Real U.S. Gross Domestic Product increased at a far slower pace than previously reported, according to the U.S. Bureau of Economic Analysis (BEA), which reported that second quarter GDP increased at a 1.6 percent annualized rate rather than the 2.4 percent rate it estimated back on July 30. The lowered estimate means that another recession — the infamous “double dip” — may be just on the horizon.
After more than two years of intervention in the economy by the Federal Reserve, the economy is showing signs of sliding back into recession. This, of course, is precisely what sober minds — like Congressman Ron Paul and financial analyst Peter Schiff — have been predicting all along. But it’s news to the likes of Fed Chairman Ben Bernanke, who on August 27 pledged to take whatever measures are needed to jolt the somnolent economy back to wakefulness.
In a major restructuring of its operations, USA Today, published by Gannet Co., Inc., has announced that it will lay off 130 employees in an effort to reorient itself and publish more content in digital form, as opposed to print.
In an exclusive interview with Kitco News, Congressman Ron Paul (R-Texas) revealed that next year at the start of the newly inaugurated 112th United States Congress, he would introduce a new bill to audit the U.S. gold reserves, which are reportedly stored at the New York Federal Reserve and Fort Knox.
When Fed Chairman Ben Bernanke speaks on Friday at the Fed’s annual meeting in Jackson Hole, Wyoming, Fed-watchers from around the world will be hanging on his every word, phrase, and nuance for clues. They’ll be listening to hear that the chairman knows what’s happening in the economy, and that if things get worse, he has a plan.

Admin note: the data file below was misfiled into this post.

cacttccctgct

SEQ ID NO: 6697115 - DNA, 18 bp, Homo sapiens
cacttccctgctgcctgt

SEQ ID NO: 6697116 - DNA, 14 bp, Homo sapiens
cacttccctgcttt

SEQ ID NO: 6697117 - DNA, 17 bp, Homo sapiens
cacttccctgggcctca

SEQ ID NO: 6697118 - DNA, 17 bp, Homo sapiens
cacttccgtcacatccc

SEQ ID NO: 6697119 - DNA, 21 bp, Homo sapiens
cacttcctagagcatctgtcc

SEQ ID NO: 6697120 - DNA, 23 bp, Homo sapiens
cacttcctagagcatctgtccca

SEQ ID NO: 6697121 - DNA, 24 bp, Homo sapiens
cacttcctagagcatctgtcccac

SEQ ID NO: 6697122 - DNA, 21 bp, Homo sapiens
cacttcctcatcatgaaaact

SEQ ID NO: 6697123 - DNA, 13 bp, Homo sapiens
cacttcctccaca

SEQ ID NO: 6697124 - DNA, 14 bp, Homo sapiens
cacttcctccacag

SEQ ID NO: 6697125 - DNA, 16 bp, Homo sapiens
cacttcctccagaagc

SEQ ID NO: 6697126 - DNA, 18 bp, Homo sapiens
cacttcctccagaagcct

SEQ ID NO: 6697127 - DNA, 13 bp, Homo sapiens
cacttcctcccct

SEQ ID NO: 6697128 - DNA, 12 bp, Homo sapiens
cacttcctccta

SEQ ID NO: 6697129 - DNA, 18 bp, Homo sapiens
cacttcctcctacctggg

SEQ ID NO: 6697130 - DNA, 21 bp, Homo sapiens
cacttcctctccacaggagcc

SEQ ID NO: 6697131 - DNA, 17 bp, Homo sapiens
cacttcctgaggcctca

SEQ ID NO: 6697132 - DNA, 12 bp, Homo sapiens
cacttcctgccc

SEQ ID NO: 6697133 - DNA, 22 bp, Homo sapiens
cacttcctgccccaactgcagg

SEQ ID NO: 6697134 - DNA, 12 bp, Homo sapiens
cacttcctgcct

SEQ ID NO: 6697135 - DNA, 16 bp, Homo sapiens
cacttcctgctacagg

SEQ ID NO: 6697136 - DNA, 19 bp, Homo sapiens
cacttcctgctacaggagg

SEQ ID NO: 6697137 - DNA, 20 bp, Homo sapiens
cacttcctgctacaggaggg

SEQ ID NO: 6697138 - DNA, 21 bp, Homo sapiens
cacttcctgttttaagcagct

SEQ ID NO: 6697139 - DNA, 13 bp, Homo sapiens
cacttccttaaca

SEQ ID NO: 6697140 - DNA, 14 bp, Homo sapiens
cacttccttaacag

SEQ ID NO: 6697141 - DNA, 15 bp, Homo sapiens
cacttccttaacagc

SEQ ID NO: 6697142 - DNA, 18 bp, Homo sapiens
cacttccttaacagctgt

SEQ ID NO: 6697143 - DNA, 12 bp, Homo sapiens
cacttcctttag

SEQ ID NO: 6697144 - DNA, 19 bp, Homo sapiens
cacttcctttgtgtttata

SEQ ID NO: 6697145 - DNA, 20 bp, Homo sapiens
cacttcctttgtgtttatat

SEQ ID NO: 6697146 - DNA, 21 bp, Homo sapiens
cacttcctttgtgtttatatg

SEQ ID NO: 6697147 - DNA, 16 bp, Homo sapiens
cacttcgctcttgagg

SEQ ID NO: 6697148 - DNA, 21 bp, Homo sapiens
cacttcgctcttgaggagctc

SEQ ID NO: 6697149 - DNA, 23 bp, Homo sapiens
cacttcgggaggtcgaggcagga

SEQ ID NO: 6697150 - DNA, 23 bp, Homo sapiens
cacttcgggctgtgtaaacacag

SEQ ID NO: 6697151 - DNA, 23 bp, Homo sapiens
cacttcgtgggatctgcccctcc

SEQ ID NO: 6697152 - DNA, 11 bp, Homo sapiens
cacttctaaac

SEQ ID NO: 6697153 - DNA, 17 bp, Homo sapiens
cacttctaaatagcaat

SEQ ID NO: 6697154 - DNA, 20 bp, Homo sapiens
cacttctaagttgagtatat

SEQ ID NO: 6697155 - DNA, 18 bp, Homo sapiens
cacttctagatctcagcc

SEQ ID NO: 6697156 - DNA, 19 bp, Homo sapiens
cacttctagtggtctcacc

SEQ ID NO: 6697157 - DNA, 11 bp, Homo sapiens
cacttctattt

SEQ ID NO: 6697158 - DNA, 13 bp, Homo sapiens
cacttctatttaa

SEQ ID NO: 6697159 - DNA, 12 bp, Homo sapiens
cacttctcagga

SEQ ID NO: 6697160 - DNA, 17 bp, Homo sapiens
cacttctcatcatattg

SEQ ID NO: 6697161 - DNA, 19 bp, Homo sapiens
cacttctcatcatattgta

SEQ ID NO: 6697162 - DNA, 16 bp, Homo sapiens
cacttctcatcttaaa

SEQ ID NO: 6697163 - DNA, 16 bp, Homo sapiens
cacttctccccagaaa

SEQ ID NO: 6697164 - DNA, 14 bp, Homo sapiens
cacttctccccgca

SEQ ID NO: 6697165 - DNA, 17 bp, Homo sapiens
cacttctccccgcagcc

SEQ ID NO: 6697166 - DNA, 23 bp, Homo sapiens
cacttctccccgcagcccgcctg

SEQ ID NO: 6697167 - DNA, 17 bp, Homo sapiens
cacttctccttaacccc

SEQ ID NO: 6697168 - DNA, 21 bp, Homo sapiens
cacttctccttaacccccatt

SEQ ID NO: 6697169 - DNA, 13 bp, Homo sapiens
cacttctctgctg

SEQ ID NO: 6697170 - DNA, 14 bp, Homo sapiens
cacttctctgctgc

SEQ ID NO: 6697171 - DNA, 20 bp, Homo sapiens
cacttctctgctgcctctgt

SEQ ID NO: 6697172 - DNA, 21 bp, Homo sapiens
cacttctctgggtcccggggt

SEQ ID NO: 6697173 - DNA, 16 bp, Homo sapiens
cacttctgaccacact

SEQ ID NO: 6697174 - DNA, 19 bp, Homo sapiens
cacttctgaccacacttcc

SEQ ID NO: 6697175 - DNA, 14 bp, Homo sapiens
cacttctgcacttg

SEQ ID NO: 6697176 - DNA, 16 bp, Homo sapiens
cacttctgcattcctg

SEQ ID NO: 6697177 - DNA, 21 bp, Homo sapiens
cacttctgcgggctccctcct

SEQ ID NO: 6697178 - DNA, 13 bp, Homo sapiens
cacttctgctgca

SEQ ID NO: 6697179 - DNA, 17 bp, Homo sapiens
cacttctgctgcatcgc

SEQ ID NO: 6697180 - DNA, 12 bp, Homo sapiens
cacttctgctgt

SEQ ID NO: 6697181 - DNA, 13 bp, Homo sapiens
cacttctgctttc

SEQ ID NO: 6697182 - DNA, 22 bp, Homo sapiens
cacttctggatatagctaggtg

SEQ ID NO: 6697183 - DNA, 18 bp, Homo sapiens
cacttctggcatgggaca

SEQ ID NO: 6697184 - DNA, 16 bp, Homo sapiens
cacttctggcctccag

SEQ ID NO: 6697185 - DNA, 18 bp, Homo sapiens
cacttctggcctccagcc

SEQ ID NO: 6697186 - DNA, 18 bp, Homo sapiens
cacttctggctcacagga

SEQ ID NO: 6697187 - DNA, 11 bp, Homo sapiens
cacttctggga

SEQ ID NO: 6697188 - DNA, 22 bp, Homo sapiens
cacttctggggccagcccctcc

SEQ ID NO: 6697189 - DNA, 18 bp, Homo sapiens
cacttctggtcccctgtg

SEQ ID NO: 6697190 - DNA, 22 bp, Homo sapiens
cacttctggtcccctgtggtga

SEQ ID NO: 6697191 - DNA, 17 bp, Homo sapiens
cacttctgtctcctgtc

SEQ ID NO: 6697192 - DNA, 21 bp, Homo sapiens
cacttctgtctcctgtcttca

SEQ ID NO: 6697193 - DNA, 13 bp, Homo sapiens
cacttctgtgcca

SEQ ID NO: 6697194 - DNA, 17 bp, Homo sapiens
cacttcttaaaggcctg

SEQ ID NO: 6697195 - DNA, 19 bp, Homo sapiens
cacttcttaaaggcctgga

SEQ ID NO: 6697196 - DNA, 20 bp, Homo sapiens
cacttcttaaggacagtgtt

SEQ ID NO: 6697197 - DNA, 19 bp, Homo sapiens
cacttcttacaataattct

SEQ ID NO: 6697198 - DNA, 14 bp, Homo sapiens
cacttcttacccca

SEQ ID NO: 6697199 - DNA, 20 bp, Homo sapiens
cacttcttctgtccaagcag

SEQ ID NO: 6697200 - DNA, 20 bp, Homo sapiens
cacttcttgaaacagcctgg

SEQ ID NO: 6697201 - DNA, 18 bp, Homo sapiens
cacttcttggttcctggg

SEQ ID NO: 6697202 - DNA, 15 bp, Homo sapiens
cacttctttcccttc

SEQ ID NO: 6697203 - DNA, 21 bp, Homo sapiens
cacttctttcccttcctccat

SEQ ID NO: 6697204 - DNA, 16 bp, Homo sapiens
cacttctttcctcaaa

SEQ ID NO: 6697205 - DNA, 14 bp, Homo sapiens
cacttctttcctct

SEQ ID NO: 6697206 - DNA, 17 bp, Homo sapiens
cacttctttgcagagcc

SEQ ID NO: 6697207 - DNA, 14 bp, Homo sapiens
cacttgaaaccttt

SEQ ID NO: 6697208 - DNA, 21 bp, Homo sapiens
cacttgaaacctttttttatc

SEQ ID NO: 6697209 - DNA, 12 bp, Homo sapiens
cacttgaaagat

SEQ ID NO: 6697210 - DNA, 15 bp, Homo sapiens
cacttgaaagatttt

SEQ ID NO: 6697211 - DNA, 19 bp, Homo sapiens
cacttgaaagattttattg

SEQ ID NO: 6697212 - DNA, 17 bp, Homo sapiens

Think you’re scared enough about the economy, the ballooning deficit, and the prospect of ruinous tax rates and runaway inflation to pay for astronomical government debts? If you haven’t read Boston University economist Laurence Kotlikoff’s August 10 article for Bloomberg (“U.S. Is Bankrupt and We Don’t Even Know It”), you probably aren’t.
Government is the only institution whose power and budget grow when it fails. A crisis, real or perceived, is considered an “opportunity” for government to expand, as President Obama’s Chief of Staff, Rahm Emanuel, reminded Americans shortly after Obama won the 2008 presidential election.
Cutting taxes is again in vogue in a Washington, D.C., increasingly dismayed by the utter inability of the massive Obama stimulus package to jolt the economy back to life. President Obama himself has become a grudging disciple of the Bush tax cuts, and is now advocating an extension of the tax reductions beyond their expiry at year’s end — but only for Americans earning less than $200,000.